2 Kings 13:24
So Hazael king of Syria died; and Benhadad his son reigned in his stead.
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EXPOSITORY (ENGLISH BIBLE)
(24) Ben-hadad—III., not mentioned in the As Syrian inscriptions. His reign synchronises with that of Samas-Rimmon in Assyria, who made no expeditions to the West (B.C. 825-812). The name Ben-hadad does not, of course, signify any connection with the dynasty overthrown by Hazael. It was a Divine title (Comp. Note on 2Kings 6:24.)

Benhadad was probably a feebler sovereign than Hazael. The rule, “Fortes creantur fortibus et bonis,” is perhaps as often contradicted as corroborated by actual experience.

13:20-25 God has many ways to chastise a provoking people. Trouble comes sometimes from that point whence we least feared it. The mention of this invasion on the death of Elisha, shows that the removal of God's faithful prophets is a presage of coming judgments. His dead body was a means of giving life to another dead body. This miracle was a confirmation of his prophecies. And it may have reference to Christ, by whose death and burial, the grave is made a safe and happy passage to life to all believers. Jehoash was successful against the Syrians, just as often as he had struck the ground with the arrows, then a stop was put to his victories. Many have repented, when too late, of distrusts and the straitness of their desires.So Hazael ... died - literally, "And Hazael died," a fact not mentioned before. 20, 21. Elisha died—He had enjoyed a happier life than Elijah, as he possessed a milder character, and bore a less hard commission. His rough garment was honored even at the court.

coming in of the year—that is, the spring, the usual season of beginning campaigns in ancient times. Predatory bands from Moab generally made incursions at that time on the lands of Israel. The bearers of a corpse, alarmed by the appearance of one of these bands, hastily deposited, as they passed that way, their load in Elisha's sepulchre, which might be easily done by removing the stone at the mouth of the cave. According to the Jewish and Eastern custom, his body, as well as that of the man who was miraculously restored, was not laid in a coffin, but only swathed; so that the bodies could be brought into contact, and the object of the miracle was to stimulate the king's and people of Israel's faith in the still unaccomplished predictions of Elisha respecting the war with the Syrians. Accordingly the historian forthwith records the historical fulfilment of the prediction (2Ki 13:22-25), in the defeat of the enemy, in the recovery of the cities that had been taken, and their restoration to the kingdom of Israel.

No text from Poole on this verse.

So Hazael the king of Syria died, and Benhadad his son reigned in his stead. This was Benhadad the third; the first of this name was of the Damascene kings; but though the kingdom was now in another family, yet this name, being respectable with the Syrians, was retained in it. So Hazael king of Syria died; and Benhadad his son reigned in his stead.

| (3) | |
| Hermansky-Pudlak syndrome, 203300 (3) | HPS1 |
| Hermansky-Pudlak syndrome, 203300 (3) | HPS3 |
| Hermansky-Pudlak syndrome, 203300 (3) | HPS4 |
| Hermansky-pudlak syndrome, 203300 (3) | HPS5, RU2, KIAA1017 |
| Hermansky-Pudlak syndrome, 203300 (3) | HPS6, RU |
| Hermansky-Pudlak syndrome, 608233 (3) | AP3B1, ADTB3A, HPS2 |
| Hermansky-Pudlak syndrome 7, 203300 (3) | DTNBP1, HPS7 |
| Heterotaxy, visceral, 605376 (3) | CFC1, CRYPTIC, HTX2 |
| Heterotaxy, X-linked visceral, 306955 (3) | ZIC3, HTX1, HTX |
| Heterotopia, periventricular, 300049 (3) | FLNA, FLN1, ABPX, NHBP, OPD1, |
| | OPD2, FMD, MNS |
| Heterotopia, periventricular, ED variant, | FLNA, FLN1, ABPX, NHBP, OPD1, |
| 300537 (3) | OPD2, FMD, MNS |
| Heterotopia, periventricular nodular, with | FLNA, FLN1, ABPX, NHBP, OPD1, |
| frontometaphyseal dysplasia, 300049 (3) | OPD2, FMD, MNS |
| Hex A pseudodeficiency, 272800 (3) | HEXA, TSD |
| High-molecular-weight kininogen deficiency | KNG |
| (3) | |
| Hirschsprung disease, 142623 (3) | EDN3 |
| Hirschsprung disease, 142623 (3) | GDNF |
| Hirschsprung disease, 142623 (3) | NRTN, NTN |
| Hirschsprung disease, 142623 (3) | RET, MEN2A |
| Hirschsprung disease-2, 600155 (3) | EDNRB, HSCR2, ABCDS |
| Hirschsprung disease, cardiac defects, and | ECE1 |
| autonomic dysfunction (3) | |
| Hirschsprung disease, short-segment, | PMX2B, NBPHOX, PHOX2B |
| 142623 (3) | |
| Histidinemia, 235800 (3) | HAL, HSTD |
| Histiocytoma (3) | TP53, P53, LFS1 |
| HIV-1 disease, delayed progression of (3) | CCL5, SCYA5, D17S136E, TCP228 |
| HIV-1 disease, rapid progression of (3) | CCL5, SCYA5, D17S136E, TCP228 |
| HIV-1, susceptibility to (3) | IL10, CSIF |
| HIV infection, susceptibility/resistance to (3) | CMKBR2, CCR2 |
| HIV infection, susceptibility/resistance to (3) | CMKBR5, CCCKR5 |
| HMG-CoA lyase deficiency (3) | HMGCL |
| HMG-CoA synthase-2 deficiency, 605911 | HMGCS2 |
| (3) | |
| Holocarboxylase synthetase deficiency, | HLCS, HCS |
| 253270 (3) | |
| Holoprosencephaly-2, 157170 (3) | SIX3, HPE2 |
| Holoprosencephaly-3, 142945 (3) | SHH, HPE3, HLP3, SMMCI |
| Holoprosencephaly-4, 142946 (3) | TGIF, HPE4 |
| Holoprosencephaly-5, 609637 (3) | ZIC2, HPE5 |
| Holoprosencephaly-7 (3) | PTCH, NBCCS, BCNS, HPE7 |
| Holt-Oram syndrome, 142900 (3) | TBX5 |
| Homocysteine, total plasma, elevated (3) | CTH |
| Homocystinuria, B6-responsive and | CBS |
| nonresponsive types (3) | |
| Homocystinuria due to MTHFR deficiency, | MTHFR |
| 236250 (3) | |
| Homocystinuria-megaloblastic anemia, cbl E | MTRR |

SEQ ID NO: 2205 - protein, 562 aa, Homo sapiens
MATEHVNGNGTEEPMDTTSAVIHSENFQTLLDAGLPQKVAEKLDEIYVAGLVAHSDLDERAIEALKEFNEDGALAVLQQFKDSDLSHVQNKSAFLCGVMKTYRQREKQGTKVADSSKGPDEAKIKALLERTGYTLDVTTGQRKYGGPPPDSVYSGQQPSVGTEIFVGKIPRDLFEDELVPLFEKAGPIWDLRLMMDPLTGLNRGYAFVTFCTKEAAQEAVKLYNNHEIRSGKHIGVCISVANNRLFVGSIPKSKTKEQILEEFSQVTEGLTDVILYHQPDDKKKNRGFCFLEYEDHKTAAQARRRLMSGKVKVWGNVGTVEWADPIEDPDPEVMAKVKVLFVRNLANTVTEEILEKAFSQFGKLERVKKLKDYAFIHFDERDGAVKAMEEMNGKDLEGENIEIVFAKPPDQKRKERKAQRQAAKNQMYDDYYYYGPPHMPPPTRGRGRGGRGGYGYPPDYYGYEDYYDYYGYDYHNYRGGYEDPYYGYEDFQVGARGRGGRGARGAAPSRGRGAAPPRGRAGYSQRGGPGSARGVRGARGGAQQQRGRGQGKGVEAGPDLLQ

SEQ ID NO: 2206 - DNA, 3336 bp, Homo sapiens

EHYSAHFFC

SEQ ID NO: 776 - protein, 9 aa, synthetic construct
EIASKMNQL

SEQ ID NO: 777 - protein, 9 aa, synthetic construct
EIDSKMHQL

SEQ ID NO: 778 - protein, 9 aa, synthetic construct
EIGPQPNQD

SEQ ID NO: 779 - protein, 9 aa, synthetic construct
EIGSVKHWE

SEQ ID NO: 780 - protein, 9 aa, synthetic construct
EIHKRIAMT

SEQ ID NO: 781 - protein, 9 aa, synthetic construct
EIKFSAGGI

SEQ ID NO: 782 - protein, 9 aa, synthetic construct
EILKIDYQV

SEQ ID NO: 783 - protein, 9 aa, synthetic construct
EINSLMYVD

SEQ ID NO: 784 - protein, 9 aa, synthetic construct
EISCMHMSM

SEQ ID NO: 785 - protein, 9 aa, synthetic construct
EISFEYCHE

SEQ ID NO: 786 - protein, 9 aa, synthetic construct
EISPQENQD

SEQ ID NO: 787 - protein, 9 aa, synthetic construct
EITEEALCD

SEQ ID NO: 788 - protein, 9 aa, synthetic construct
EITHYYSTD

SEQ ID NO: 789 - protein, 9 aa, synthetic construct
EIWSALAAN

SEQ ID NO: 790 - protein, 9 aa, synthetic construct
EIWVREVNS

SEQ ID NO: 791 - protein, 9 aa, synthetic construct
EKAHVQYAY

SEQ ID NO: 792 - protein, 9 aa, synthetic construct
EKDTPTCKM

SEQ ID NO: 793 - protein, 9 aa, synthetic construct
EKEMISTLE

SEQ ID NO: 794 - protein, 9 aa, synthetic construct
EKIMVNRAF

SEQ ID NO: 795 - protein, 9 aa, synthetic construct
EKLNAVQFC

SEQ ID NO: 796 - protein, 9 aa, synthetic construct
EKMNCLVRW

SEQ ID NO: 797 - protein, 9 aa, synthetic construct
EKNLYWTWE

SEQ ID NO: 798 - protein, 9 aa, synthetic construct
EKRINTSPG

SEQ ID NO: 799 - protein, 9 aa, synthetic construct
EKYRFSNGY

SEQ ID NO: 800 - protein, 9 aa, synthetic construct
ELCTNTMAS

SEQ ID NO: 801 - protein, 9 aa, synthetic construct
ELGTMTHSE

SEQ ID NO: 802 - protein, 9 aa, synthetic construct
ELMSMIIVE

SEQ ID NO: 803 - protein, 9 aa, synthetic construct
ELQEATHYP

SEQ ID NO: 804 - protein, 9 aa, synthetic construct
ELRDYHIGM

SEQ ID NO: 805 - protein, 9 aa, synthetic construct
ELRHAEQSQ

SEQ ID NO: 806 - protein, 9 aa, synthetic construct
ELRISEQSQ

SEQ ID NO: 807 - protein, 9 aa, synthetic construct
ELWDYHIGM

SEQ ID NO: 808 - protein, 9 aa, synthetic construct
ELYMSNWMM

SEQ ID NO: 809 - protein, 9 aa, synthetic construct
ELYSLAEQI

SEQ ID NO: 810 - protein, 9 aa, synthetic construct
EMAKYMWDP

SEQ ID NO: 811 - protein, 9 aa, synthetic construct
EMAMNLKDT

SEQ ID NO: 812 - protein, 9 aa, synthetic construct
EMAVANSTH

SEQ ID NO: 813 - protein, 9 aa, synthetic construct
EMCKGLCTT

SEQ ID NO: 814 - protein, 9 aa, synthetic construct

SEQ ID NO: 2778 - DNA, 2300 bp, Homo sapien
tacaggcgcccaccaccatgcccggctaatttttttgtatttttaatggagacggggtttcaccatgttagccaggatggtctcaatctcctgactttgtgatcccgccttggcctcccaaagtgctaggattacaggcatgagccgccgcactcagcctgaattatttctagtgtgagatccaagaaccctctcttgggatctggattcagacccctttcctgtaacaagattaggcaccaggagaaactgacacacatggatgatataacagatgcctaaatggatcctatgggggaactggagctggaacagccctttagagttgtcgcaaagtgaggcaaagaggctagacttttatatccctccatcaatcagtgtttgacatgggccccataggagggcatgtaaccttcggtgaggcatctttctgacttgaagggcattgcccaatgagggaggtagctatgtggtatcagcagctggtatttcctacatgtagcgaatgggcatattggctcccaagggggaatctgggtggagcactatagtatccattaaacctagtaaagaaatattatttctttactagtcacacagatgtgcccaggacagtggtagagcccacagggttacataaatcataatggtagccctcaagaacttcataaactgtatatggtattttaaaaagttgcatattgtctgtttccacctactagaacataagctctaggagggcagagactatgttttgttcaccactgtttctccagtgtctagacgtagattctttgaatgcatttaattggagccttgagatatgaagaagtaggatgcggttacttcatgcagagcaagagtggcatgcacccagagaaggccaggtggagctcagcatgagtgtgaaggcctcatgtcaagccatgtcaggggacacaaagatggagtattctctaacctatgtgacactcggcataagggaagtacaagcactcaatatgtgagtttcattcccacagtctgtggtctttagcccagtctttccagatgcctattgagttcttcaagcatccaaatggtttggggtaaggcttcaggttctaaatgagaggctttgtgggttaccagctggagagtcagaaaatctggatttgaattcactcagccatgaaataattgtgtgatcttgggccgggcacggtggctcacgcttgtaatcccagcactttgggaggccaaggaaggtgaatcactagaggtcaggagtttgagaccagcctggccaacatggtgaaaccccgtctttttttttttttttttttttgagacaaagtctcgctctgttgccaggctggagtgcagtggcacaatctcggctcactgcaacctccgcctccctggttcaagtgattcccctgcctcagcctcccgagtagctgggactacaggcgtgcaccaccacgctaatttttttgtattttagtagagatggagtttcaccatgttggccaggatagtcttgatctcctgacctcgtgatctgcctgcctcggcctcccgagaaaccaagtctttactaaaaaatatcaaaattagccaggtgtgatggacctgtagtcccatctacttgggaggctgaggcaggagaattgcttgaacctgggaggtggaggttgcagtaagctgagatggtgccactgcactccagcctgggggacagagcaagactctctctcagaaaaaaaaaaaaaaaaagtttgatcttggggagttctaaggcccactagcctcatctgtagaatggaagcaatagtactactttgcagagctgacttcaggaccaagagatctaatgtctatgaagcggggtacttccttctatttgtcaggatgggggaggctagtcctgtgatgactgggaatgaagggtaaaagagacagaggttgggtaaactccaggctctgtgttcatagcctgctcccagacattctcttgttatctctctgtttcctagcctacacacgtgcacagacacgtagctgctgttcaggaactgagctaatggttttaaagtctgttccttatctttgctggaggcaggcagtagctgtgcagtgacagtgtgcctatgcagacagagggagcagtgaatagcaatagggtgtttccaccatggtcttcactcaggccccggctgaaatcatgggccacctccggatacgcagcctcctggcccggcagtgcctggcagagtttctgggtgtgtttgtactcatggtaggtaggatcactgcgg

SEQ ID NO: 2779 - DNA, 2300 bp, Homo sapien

EXEGETICAL (ORIGINAL LANGUAGES)
24. Ben-hadad his son] Hazael has given to his son the name which had previously been common in the Syrian royal family. This is the third Ben-hadad on the throne of Damascus. (Cf. Schrader, p. 109.) Nothing is known of him from the inscriptions.

Verse 24. - So Hazael King of Syria died; rather, and Hazael... died. His death is a new fact, not involved in anything that has been previously stated. It appears by ver. 22 that he outlived Jehoahaz. And Benhadad his son reigned in his stead. Hazael, the usurper, gave his eldest son the name of the monarch whom he had murdered. It was an old royal name in Syria (1 Kings 15:18), having been borne by at least two of Hazael's predecessors. The meaning which has been assigned to it ("Son of the sun") is doubtful. 2 Kings 13:24The prophecy which Elisha uttered before his death is here followed immediately by the account of its fulfilment, and to this end the oppression of the Israelites by Hazael is mentioned once more, together with that turn of affairs which took place through the compassion of God after the death of Hazael and in the reign of his son Benhadad. לחץ is a pluperfect: "Hazael had oppressed" (for the fact itself compare 2 Kings 13:4 and 2 Kings 13:7). For the sake of the covenant made with the patriarchs the Lord turned again to the Israelites, and would not destroy them, and did not cast them away from His face עתּה עד ("till now"), as was the case afterwards, but delivered them from the threatening destruction through the death of Hazael. For in the reign of his son and successor Benhadad, Joash the son of Jehoahaz took from him again (ויּשׁב is to be connected with ויּקּה) the cities which he (Hazael) had taken from Jehoahaz in the war. These cities which Hazael had wrested from Jehoahaz were on this side of the Jordan, for Hazael had conquered all Gilead in the time of Jehu (2 Kings 10:32-33). Joash recovered the former from Benhadad, whilst his son Jeroboam reconquered Gilead also (see at 2 Kings 14:25).
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